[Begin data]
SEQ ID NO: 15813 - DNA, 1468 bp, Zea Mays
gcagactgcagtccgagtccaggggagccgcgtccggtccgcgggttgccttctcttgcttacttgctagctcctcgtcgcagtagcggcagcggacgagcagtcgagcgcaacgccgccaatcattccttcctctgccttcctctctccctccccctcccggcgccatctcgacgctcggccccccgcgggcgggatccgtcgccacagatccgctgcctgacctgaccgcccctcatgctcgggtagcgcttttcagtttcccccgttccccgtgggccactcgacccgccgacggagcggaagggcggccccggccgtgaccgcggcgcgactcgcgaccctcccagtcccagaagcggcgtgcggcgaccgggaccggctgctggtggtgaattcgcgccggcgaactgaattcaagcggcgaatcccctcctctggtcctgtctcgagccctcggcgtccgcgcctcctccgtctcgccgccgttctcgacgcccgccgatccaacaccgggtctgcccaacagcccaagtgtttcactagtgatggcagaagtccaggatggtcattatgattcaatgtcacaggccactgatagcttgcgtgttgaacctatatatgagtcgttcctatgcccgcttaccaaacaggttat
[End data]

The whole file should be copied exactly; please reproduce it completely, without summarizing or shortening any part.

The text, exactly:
SEQ ID NO: 15813 - DNA, 1468 bp, Zea Mays
gcagactgcagtccgagtccaggggagccgcgtccggtccgcgggttgccttctcttgcttacttgctagctcctcgtcgcagtagcggcagcggacgagcagtcgagcgcaacgccgccaatcattccttcctctgccttcctctctccctccccctcccggcgccatctcgacgctcggccccccgcgggcgggatccgtcgccacagatccgctgcctgacctgaccgcccctcatgctcgggtagcgcttttcagtttcccccgttccccgtgggccactcgacccgccgacggagcggaagggcggccccggccgtgaccgcggcgcgactcgcgaccctcccagtcccagaagcggcgtgcggcgaccgggaccggctgctggtggtgaattcgcgccggcgaactgaattcaagcggcgaatcccctcctctggtcctgtctcgagccctcggcgtccgcgcctcctccgtctcgccgccgttctcgacgcccgccgatccaacaccgggtctgcccaacagcccaagtgtttcactagtgatggcagaagtccaggatggtcattatgattcaatgtcacaggccactgatagcttgcgtgttgaacctatatatgagtcgttcctatgcccgcttaccaaacaggttat